Last year I started grinding my own wheat berries for flour and boy are we loving it! I'm so glad I invested in a grain mill. The freshly milled taste is like nothing else and the health benefits are enormous! If you haven't already, check out this video from Sue Becker that explains all the benefits of consuming freshly ground grains.
Several friends have asked me for my bread recipe lately, so today I took the time to photograph the process so I could write it up.
I think one of the most important things to know about baking fantastic bread is to get the dough ball right. Is it too wet? Too dry? The best way I can tell that my dough ball is just right is when it doesn't stick to the sides of the bowl and it feels like chewed bubblegum. It should feel kind of tacky but not sticky.
Another way to tell is if you can form it into a log that will hold its shape.
So, if your dough is too dry and crumbly to do this, add a little warm water. If it's too wet, knead in some more flour. If you take the time to get your dough ball right, the rest should be a breeze!
Fresh Whole Wheat Bread (2 loaves)
2 1/4 c. warm water
1 1/2 TB yeast
1/2 c. oil
1/2 c. honey
1 TB salt
9 1/2 - 10 c. freshly ground whole wheat flour
Begin by grinding your wheat berries. When you're about 10 minutes from finishing, mix the yeast and warm water together and let it sit the rest of the grinding time. I use a stand mixer with a dough hook. If you will be kneading by hand, just put this in your mixing bowl. Remember that if your bowl is cold, you'll need to warm it up under warm water. The water and yeast mixture needs to stay warm.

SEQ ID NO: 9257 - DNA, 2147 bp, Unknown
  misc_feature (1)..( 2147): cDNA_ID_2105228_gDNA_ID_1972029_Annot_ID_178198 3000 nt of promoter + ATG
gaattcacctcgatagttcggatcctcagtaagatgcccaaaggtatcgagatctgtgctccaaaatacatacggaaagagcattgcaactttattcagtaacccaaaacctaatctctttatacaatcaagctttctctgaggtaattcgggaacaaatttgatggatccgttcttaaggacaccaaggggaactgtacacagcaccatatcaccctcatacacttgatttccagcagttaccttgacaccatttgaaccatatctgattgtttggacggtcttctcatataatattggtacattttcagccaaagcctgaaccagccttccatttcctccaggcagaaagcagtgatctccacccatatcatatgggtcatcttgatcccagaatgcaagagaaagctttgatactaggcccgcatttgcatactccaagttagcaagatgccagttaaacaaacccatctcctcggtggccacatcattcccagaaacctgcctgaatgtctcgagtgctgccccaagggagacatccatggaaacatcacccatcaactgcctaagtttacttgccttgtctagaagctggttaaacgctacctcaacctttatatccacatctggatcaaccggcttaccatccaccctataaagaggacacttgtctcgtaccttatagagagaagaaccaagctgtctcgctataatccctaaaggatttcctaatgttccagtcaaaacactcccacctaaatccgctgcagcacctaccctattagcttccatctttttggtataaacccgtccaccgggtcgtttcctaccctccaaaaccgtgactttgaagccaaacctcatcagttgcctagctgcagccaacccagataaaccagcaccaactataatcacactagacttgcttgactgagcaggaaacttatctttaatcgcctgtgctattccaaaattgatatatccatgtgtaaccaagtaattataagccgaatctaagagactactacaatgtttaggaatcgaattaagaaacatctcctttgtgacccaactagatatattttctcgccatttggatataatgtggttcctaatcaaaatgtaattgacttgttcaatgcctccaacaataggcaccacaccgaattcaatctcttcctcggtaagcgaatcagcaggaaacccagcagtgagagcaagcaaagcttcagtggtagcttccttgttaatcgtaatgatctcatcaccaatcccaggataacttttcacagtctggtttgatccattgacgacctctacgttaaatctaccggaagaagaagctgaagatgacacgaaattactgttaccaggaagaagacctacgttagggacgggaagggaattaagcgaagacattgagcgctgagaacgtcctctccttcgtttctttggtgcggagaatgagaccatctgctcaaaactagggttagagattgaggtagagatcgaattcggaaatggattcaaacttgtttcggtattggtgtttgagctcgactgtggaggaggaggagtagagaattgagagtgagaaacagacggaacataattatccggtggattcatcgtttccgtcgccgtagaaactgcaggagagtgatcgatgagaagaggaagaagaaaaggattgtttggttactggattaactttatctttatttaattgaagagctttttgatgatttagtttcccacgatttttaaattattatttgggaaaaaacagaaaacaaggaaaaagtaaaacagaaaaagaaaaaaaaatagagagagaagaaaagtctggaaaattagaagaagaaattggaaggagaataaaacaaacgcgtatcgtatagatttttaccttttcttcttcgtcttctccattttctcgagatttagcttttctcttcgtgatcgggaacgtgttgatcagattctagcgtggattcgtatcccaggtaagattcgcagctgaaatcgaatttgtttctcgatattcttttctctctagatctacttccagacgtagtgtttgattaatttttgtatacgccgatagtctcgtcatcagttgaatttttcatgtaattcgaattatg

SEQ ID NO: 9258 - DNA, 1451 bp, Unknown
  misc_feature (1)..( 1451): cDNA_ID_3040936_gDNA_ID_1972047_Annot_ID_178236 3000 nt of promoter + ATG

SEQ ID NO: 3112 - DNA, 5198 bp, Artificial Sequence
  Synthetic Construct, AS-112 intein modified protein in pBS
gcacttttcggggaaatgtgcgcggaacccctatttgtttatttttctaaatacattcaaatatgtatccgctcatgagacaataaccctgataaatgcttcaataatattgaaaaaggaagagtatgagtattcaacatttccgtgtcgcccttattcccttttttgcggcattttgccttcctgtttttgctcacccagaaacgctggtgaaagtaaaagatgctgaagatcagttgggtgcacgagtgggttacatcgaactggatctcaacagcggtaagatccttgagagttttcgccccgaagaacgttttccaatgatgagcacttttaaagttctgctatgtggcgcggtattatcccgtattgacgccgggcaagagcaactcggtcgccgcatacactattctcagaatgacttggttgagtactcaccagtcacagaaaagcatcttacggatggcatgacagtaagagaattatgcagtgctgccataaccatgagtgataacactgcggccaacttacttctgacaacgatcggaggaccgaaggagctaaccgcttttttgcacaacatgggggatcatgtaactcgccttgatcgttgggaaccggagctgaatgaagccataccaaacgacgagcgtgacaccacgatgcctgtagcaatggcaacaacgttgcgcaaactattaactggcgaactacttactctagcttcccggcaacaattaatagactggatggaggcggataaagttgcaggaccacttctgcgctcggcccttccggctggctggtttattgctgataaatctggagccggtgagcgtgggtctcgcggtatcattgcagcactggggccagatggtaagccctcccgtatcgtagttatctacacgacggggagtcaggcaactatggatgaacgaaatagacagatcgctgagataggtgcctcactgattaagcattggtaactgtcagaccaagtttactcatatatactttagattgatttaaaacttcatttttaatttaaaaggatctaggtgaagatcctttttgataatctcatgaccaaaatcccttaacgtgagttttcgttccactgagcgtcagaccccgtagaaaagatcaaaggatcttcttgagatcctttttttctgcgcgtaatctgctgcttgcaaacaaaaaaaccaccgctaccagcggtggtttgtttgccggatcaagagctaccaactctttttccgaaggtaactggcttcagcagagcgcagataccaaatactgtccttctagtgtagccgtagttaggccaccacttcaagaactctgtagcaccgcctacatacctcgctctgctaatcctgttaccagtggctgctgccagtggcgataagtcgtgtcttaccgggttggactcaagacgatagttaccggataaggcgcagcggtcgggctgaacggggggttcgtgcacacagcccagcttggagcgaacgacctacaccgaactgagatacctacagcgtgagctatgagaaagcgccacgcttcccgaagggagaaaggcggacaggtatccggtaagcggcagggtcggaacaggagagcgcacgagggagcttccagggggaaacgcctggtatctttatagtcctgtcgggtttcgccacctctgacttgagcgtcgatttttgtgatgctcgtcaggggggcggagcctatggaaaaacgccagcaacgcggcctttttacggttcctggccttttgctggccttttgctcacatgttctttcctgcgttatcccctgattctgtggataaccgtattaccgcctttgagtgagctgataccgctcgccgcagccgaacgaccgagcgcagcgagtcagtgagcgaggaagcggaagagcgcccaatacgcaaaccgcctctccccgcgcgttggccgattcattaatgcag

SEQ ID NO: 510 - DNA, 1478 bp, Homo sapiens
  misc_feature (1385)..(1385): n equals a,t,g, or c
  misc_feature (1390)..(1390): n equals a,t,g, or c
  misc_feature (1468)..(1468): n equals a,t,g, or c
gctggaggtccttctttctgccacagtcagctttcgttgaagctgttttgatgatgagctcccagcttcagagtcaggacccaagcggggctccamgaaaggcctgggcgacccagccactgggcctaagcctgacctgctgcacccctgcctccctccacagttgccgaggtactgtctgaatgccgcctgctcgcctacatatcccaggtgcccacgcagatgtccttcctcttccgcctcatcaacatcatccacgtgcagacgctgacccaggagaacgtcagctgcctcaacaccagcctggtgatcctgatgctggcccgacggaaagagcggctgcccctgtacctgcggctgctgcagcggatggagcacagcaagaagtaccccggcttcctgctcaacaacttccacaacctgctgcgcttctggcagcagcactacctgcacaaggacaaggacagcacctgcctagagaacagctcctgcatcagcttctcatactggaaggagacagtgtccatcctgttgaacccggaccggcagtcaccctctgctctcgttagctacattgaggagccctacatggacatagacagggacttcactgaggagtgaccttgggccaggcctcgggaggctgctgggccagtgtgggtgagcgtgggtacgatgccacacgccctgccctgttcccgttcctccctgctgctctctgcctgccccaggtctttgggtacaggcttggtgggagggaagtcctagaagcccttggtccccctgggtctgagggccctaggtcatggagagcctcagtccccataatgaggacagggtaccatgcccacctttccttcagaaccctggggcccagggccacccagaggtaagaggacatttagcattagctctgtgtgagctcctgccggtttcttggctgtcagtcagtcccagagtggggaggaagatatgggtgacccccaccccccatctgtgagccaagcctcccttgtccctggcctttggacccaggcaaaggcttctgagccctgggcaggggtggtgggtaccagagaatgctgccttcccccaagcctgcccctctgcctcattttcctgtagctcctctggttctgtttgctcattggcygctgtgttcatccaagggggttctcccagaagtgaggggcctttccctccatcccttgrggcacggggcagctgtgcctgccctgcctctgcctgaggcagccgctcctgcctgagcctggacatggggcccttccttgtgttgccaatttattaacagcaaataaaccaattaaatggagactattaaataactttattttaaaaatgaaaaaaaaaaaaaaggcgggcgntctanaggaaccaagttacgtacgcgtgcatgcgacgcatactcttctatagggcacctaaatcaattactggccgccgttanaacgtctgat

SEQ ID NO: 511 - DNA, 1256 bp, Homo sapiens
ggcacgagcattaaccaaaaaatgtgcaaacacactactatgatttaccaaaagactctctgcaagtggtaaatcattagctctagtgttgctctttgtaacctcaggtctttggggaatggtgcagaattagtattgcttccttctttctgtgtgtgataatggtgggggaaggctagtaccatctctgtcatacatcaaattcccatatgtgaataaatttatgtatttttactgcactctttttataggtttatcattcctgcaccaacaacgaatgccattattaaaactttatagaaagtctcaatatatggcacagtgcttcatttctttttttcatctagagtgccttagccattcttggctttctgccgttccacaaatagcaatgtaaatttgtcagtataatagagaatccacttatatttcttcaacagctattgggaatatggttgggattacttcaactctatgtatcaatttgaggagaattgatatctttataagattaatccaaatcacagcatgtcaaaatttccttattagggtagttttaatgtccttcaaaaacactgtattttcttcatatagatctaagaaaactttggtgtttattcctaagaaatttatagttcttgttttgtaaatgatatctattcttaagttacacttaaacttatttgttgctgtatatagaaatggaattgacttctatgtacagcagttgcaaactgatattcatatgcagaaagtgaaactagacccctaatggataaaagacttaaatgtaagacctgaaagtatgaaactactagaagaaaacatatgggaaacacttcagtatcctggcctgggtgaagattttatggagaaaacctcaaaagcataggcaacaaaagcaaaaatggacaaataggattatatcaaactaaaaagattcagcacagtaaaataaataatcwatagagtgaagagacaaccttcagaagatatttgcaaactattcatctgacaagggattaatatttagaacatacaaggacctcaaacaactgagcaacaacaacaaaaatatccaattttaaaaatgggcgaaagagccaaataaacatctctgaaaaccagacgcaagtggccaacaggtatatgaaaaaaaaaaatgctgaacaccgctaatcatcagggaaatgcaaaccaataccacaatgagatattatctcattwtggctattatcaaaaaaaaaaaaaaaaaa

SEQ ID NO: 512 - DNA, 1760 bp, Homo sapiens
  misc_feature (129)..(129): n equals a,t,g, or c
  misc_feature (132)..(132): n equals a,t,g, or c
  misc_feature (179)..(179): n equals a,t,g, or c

Once your berries are finished, add the oil, honey, and salt to your mixing bowl. Then add a few cups of flour and begin mixing. Add the rest, a cup at a time, making sure everything is incorporated well by scraping the sides of the bowl from time to time. I usually stop at about 9 cups and really mix/knead it well, then I check the dough ball. If it is tacky like gum but not sticky, it is ready. I usually need 9 1/2 cups of flour to get it perfect.
Continue kneading with a dough hook or by hand for about 5 minutes. Then let the dough ball rest in the bowl for 30 minutes. After that, oil your bread pans and then form the dough into two logs the length of your bread pans minus about an inch. Place the logs in the bread pans with the seam side down and let them rise in a warm place for awhile---usually an hour or two. You can cover them if you'd like but I never do---I use shallow pans and I don't want to mess up the tops!
Lastly, bake them at 325º for about 30 minutes. You'll need to watch them to see when they're at the stage of browning you prefer as every oven is a little different. Make sure they're at least a light golden brown so you can ensure the middle is cooked through. Then slide a knife around to remove them immediately from the pans and cool on a rack. If you leave them to cool in the pans, they'll sweat and your bread will become soggy. I've found this to be true, even for stoneware pans.
I hope you enjoy this delicious fresh whole wheat bread! Let me know if you try it out!